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Mounted Archery Equitation What is it, and why?


Mounted Archery Equitation is a term created by the Ridgeline Mounted Archers to define the training, horsemanship and athleticism involved in the foundations of mounted archery. Mounted Archery Equitation(MAE) has multiple levels of horsemanship that give a strong foundation for both horse and rider. MAE is built on the principle that mounted archery is a team sport and your horse is an equal contributor to success.


MAE was developed because of the high level of training and horsemanship needed to safely and effectively participate in mounted archery. Mounted Archery is its own unique discipline. Mounted Archery includes shortened stirrups, multiple seat positions, and reinless riding. Archery horses must have the ability to be self directed, maintain consistent gaits, ride reinless off of leg pressure, jump 50 cm, and canter a minimum of fifteen miles an hour. As such, archery horses require a high level of training to be able to safely complete challenging open field tracks.


Mounted Archery centers around the horse.

To illustrate,

Imagine a round target with five zones. This target represents the elements of mounted archery. At the center we have the horse. Their needs, wants and training. Ethical treatment of the horse is the most important element. Horses should always be physically and mentally prepared to perform horseback archery. This includes being well desensitized to equipment, and prepared to ride from leg pressure.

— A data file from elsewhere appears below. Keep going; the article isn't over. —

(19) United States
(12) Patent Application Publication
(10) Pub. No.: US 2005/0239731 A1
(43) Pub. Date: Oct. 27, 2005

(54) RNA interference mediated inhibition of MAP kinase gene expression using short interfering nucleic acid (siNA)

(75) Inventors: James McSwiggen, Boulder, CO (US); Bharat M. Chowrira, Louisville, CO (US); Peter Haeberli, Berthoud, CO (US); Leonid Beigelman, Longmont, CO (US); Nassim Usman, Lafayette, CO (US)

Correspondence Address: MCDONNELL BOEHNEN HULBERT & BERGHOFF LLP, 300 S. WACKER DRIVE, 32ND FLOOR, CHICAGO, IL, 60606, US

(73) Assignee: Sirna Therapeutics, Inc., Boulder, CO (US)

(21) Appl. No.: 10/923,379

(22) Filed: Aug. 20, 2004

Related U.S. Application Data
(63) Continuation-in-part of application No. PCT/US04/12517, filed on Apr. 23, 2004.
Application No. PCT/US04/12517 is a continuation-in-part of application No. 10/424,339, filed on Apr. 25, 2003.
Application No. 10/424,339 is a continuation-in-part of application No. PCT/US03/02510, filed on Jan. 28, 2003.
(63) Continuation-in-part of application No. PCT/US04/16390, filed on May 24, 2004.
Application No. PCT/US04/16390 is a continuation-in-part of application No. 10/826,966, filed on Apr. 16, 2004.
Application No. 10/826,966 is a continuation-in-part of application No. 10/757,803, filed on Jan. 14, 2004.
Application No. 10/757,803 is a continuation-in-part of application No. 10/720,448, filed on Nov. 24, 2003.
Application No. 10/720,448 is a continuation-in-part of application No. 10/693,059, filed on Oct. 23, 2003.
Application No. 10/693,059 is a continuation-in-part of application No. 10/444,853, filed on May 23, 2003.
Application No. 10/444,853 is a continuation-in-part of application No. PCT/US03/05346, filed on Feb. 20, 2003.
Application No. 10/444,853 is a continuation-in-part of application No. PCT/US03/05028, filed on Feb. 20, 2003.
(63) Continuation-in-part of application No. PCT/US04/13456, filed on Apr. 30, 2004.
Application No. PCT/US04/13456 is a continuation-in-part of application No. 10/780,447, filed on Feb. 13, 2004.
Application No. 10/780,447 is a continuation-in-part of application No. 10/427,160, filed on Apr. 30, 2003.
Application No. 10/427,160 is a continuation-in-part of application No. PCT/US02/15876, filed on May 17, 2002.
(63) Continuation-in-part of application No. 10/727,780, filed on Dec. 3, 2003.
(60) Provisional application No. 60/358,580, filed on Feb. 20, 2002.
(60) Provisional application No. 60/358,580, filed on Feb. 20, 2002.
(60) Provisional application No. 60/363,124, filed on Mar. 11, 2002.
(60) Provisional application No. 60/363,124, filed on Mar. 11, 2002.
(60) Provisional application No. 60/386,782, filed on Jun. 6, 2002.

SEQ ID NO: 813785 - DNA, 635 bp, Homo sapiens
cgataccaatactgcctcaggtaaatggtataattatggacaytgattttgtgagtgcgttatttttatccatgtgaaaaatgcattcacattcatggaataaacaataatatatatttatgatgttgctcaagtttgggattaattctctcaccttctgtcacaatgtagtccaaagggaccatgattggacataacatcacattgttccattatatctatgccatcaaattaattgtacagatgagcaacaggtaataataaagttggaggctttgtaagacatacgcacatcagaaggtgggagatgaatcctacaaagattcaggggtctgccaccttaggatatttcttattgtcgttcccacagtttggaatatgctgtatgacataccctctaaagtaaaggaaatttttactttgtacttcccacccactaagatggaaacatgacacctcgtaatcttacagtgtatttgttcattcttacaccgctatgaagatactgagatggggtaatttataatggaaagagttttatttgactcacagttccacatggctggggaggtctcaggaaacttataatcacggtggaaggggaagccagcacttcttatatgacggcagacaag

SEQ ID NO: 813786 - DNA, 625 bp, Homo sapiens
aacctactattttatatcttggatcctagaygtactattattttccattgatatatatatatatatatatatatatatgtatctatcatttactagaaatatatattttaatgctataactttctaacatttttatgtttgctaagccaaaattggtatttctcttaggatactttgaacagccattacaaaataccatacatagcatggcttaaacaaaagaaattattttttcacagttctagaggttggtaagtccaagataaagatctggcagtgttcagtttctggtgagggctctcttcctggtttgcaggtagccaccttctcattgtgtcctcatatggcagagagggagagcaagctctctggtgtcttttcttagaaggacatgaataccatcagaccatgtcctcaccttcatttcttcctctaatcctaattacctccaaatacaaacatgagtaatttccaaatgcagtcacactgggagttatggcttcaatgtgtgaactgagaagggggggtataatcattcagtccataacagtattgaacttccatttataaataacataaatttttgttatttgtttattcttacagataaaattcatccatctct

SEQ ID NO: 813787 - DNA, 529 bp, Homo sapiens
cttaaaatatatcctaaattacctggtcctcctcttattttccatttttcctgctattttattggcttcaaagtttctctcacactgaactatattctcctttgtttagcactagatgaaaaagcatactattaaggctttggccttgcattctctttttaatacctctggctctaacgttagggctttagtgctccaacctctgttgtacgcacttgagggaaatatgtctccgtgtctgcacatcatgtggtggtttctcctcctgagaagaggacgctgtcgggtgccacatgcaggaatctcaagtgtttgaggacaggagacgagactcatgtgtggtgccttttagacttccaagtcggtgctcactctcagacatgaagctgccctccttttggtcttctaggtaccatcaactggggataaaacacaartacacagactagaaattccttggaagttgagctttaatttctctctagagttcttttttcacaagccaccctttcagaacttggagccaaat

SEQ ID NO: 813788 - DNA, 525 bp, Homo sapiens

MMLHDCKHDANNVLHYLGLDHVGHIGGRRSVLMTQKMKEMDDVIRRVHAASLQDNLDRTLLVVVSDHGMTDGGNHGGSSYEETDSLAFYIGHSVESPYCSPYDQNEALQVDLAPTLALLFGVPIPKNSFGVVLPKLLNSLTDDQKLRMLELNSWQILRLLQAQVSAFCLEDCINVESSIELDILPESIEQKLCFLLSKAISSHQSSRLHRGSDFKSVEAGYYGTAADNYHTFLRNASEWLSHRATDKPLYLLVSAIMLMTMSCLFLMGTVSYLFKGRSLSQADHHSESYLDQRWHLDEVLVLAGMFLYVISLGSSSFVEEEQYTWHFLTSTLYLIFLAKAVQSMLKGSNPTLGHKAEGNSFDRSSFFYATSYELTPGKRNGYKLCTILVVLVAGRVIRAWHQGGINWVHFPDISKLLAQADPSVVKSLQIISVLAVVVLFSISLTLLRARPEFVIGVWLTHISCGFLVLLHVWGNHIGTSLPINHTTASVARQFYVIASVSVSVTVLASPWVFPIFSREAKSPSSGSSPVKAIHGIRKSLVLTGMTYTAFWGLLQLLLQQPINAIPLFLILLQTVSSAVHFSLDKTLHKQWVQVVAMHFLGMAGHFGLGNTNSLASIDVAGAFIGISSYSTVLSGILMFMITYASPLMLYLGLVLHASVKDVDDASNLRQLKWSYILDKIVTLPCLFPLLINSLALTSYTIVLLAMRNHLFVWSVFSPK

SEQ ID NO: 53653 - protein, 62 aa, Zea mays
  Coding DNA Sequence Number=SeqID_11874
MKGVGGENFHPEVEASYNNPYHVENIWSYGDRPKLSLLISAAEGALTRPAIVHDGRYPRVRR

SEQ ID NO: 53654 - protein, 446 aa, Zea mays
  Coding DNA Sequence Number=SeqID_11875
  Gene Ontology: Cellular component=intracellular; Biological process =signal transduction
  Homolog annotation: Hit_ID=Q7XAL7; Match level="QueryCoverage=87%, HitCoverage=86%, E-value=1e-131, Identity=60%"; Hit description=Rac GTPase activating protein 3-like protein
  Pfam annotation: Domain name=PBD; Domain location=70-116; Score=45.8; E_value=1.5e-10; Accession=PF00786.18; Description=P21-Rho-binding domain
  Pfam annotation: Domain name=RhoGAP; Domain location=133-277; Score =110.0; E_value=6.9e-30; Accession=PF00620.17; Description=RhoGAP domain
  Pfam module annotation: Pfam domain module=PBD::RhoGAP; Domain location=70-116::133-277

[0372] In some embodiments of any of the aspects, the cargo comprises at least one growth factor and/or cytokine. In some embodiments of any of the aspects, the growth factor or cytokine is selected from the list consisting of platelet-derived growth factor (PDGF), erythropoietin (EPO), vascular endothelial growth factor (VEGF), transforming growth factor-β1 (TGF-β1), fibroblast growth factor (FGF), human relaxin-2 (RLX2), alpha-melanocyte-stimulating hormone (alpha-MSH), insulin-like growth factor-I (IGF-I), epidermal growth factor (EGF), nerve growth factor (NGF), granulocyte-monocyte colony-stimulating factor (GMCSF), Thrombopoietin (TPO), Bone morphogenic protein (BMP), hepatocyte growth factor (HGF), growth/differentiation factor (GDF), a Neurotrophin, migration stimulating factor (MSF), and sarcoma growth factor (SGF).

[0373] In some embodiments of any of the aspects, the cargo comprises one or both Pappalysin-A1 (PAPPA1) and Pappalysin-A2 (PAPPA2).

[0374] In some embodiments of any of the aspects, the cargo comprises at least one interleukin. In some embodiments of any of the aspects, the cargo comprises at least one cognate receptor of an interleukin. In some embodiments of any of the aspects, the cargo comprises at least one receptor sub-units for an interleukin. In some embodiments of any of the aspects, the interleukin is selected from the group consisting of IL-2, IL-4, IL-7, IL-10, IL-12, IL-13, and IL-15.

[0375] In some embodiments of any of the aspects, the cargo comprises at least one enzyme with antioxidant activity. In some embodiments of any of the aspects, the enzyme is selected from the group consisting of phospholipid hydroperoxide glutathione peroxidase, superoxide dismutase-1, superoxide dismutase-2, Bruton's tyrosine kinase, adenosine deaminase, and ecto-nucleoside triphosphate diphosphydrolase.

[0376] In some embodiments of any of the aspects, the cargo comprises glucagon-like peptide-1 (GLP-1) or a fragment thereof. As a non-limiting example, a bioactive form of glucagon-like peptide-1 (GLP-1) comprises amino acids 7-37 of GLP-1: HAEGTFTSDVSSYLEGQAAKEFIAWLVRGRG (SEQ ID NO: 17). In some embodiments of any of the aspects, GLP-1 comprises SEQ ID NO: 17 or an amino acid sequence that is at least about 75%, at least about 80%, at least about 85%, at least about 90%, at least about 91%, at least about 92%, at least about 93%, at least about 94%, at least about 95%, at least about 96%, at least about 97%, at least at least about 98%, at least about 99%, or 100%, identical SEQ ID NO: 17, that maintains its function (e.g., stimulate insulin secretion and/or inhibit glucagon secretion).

The second zone of our target is the partnership. Far too often in mounted archery the partnership is forgotten and set aside for archers to use borrowed horses at events. While this is often necessary, more care should be taken to allow archers and horses to create rapport and partnership before competition.


The third zone is the horses training. Horses should follow the basic levels of dressage to be best prepared for mounted archery. A horse should have rhythm, relaxation, contact (here, more emphasized on acceptance of the aids) to be able to safely participate.


The fourth zone is communication. This is where the archer must be an effective equestrian with good position, balance, aids, and an understanding of mounted archery form such as ability to turn in the saddle, raise into half seat, two point, turn for a Quebec shot, and ride 50 cm jumps. The archer must be able to ride well before beginning to shoot with their equine partner.


The fifth zone is archery. Archery is the outermost ring of MAE. Without the horse at the center, safe horse archery cannot exist. The archer is responsible for practicing and becoming adept at archery only after they have centered around their horse, created partnership, trained and prepared their equine partner well, and learned to communicate effectively.




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